Tag Archives: Club Marena

Open House at Club Marena – 802 Punta Marena – Larry French – Baja Real Estate Group

Priceless Views unlike any other on all of North Americas West Coast.

Larry French from the Baja Real Estate Group takes us on an open house tour of unit 802 Punta Marena in the luxurious privacy of Club Marena.

The Most Spectacular Residence on Baja’s Gold Coast!!! There is nothing else that can compare to Club Marena’s “Punta Marena” wrap around corner condominiums with nearly 4000sqft of refined luxury with views from everywhere. Each of the 3 bedrooms is oceanfront with a private terrace. Watch the sun rise on Bahia Descanso and set on the open Pacific Ocean every day. There is nothing else that can compare.

The developers of Club Marena have always created the finest residences in the area and the resort stands alone as the most spectacular & exclusive that Baja has to offer.

If you are looking for true luxury in a location that has drawn some of the most successful people in the world then you have found it in the crowning glory of these very exclusive units. There are only a dozen like these and very few come for resale. This property takes it one step further as the interior was designed by a famous Los Angeles architect. The pictures tell the story of this modern masterpiece.

Book an appointment to experience this property today.

See this and other Club Marena listings for sale here:


Browse here for more Baja Real Estate, Rosarito Real Estate and Mexico Real Estate.

Mexico Real Estate: Message From Max Katz – Broker/Owner From The Baja Real Estate Group

Hello. I’m Max Katz Broker / Owner of the Baja Real Estate Group and today I will share with you a our snapshot of the real estate market in Baja for 2011 and a few of our goals for 2012.

2011 began with renewed optimism – we experienced a substantial increase in real estate activity in Baja along with a major increase in tourism. We have also seen several Construction restarts along the Baja Coast, a major show of confidence for our market. Our Agents are very motivated and encouraged by the current trend.
Lower real estate prices coupled with developer and owner financing played a big part in our market in 2011. These factors contributed to year over year substantial increases in sales volume.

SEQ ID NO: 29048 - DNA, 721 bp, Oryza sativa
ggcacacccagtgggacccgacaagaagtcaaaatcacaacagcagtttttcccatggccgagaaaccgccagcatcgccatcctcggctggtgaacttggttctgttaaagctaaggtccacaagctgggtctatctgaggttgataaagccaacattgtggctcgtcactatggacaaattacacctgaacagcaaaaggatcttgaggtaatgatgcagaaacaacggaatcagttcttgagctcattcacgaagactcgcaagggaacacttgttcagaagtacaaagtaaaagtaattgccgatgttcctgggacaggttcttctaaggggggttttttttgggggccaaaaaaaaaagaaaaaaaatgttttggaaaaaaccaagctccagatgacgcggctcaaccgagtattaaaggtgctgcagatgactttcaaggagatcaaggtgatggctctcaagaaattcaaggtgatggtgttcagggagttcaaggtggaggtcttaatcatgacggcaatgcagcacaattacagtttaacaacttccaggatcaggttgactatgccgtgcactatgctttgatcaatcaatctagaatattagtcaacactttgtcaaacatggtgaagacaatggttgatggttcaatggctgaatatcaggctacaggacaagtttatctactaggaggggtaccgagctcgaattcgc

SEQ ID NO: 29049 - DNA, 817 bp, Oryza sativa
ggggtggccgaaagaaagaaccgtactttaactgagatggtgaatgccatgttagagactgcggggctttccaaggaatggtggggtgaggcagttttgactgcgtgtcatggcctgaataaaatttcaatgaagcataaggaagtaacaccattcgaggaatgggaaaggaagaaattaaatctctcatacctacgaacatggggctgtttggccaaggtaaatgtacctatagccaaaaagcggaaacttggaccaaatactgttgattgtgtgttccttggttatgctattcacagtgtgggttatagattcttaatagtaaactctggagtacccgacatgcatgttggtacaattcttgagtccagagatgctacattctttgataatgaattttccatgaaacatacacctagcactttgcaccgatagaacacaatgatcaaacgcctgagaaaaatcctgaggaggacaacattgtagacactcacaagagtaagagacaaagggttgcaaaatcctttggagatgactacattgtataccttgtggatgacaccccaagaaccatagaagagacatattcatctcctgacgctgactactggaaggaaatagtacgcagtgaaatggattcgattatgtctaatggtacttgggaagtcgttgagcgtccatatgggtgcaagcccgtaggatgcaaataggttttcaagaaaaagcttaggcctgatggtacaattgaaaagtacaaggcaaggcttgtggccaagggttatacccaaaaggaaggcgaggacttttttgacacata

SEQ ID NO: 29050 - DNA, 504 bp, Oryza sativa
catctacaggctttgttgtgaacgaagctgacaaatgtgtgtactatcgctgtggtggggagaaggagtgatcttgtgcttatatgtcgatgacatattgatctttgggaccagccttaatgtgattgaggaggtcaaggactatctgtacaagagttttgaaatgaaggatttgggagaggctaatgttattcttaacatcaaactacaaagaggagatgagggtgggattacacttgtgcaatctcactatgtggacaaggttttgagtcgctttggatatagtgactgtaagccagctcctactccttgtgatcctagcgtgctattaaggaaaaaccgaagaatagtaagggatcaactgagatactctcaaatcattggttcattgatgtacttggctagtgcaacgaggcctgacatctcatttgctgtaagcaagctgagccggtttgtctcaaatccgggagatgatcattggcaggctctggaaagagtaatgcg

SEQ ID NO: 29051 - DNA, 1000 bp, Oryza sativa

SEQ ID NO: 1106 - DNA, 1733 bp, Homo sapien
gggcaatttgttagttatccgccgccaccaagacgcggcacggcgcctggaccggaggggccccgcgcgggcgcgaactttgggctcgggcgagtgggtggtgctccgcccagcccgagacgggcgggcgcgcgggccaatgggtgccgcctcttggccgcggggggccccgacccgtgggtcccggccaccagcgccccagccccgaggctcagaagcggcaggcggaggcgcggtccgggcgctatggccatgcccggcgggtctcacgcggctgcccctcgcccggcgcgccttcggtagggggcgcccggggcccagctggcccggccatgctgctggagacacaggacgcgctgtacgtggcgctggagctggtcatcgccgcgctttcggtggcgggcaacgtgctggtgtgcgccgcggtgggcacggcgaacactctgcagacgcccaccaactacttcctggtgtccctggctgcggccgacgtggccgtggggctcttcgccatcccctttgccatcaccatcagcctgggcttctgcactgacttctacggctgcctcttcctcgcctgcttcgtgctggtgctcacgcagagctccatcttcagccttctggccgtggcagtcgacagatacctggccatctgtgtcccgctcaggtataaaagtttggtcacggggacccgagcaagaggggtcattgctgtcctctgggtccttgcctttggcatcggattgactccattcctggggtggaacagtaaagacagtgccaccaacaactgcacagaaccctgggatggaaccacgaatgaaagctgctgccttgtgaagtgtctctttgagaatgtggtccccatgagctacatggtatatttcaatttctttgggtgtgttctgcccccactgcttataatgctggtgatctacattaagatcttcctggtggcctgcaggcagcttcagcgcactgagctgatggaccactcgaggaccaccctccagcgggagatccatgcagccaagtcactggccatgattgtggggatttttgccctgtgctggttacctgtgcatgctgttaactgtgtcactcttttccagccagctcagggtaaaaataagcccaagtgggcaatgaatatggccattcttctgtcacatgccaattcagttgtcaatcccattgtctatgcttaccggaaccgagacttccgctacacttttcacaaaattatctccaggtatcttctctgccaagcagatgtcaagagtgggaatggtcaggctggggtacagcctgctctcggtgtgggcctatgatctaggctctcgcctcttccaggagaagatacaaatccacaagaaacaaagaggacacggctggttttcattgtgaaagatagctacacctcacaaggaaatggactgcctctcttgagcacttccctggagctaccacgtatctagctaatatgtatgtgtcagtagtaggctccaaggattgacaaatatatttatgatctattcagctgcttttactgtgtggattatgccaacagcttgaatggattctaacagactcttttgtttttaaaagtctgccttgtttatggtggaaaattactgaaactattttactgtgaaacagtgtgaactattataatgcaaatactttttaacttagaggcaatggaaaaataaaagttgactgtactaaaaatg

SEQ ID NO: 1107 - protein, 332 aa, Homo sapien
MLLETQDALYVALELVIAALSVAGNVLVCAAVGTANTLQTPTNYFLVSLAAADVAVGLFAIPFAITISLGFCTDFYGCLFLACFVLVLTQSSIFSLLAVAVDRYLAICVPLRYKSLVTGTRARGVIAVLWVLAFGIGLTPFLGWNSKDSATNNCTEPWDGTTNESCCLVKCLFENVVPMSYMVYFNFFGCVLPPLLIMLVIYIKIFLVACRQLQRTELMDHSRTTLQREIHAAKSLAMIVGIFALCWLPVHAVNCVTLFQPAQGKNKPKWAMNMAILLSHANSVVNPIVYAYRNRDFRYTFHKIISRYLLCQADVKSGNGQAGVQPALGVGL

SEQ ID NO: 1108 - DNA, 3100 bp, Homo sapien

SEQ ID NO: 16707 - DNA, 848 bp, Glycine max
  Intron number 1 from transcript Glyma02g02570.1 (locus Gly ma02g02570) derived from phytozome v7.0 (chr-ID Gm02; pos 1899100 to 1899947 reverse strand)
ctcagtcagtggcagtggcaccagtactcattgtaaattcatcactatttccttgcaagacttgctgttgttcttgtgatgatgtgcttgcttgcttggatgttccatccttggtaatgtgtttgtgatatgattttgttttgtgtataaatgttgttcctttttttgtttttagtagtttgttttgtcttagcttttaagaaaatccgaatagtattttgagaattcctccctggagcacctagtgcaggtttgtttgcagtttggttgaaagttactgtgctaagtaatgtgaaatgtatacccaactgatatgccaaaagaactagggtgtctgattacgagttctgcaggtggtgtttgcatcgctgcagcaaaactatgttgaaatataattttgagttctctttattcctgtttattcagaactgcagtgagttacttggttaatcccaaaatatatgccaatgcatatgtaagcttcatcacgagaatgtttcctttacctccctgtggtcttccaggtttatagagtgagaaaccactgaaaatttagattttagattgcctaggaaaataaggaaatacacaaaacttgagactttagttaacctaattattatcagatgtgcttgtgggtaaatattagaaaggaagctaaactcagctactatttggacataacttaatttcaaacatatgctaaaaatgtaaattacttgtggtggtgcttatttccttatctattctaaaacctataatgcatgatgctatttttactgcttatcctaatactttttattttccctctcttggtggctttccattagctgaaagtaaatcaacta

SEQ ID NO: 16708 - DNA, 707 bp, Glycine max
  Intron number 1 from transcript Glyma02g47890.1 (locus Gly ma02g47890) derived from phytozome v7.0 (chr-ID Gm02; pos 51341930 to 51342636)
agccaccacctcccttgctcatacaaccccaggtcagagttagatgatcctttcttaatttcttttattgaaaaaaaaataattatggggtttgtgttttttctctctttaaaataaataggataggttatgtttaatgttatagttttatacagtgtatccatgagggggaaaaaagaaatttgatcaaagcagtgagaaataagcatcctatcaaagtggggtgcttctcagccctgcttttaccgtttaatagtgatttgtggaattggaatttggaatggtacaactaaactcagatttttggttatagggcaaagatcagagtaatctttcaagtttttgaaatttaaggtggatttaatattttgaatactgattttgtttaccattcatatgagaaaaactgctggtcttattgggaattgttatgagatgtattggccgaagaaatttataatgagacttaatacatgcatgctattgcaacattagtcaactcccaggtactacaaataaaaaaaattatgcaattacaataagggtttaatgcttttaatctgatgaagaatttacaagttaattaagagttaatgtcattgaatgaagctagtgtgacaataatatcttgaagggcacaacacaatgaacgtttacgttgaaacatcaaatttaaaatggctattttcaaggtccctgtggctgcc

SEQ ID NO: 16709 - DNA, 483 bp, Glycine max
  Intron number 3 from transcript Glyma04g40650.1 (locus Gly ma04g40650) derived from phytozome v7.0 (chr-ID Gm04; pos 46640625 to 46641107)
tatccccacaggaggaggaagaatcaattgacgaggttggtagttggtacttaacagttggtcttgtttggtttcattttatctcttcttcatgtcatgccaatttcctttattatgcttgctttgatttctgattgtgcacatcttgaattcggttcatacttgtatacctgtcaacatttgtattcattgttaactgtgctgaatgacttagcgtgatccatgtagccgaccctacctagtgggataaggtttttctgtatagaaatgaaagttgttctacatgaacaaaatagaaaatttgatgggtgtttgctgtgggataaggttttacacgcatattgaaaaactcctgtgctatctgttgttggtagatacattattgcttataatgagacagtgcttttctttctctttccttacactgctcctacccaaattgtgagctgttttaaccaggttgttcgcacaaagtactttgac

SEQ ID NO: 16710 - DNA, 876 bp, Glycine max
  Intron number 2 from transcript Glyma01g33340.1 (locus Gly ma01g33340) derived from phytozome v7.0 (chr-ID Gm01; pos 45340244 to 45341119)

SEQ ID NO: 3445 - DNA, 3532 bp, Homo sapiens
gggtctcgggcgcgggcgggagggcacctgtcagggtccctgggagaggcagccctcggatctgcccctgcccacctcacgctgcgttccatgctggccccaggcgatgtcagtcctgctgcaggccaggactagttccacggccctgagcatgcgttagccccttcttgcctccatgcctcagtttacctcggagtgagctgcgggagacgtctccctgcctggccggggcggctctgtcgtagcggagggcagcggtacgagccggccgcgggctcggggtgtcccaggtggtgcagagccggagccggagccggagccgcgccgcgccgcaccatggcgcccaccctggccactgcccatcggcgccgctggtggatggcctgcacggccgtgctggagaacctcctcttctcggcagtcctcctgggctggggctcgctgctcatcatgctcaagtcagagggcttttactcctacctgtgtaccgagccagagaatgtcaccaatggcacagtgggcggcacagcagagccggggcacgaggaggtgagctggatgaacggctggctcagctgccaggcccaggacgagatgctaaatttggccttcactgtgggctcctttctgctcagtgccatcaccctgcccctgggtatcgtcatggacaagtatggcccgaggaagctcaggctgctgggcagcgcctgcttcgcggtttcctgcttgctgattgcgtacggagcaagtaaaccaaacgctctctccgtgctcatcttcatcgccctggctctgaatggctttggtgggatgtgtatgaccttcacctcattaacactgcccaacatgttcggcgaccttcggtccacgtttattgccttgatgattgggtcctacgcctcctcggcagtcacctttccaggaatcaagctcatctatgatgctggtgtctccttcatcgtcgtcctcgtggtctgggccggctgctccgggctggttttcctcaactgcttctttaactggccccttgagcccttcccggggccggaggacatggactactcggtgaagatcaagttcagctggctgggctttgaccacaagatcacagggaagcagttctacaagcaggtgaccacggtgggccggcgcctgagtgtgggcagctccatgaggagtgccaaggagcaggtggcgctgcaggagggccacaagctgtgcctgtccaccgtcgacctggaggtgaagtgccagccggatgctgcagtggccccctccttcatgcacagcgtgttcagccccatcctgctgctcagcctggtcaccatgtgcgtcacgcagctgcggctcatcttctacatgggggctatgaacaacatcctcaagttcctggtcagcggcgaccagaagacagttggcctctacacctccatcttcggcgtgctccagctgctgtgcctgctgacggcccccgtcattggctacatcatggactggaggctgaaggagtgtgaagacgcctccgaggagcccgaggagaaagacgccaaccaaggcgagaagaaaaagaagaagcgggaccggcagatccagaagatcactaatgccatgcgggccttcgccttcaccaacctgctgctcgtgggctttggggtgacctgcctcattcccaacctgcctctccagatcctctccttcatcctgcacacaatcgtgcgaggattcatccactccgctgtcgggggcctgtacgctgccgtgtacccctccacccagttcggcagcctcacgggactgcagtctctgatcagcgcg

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July Best Deals – Baja Real Estate Group


Baja Real Estate Group Deals

Best Baja Real Estate DealsYou know that saying if it sounds ‘too good to be true’ it probably is. The Baja Real estate Group specializes in finding you that ‘too good to be true deal’ with 100% safety.We represent the area’s Top Developers, and after 20 years in Baja nobody knows the history of our area better than our Brokers. We work with the Title Companies, Escrow Company, the Developers themselves and buyers to insure a safe and smooth transaction. There are many added steps involved when buying distressed property in Mexico and the Baja Real Estate Group has been on the forefront as leaders in the distressed property market for the last 3 years,We have a strong track record of proven results through long lasting relationships with Developers, buyers, sellers and local agents.  We constantly comb the coast to bring you the latest Bargains in the area.

Contact one of our agents, our developments or your Realtor before you make your first or next investment in Baja.


Max Katz
Broker / Owner
Baja Real Estate Group read more »

Club Marena – Luxury Living in Relaxed Riviera Style

By Larry French

The partners of Marena Development, in 1989, decided to take beautiful piece of the Baja coast in a well know cove, south of Rosarito, to create the most luxurious, premium, residential resort that the area had ever seen. Originally Villas Marena the resort was the first to develop a top flight condominium community and today still stands as one of the absolute best addresses in Baja.

Club Marena- Luxury Living in Relaxed Riviera Style

Club Marena- Luxury Living in Relaxed Riviera Style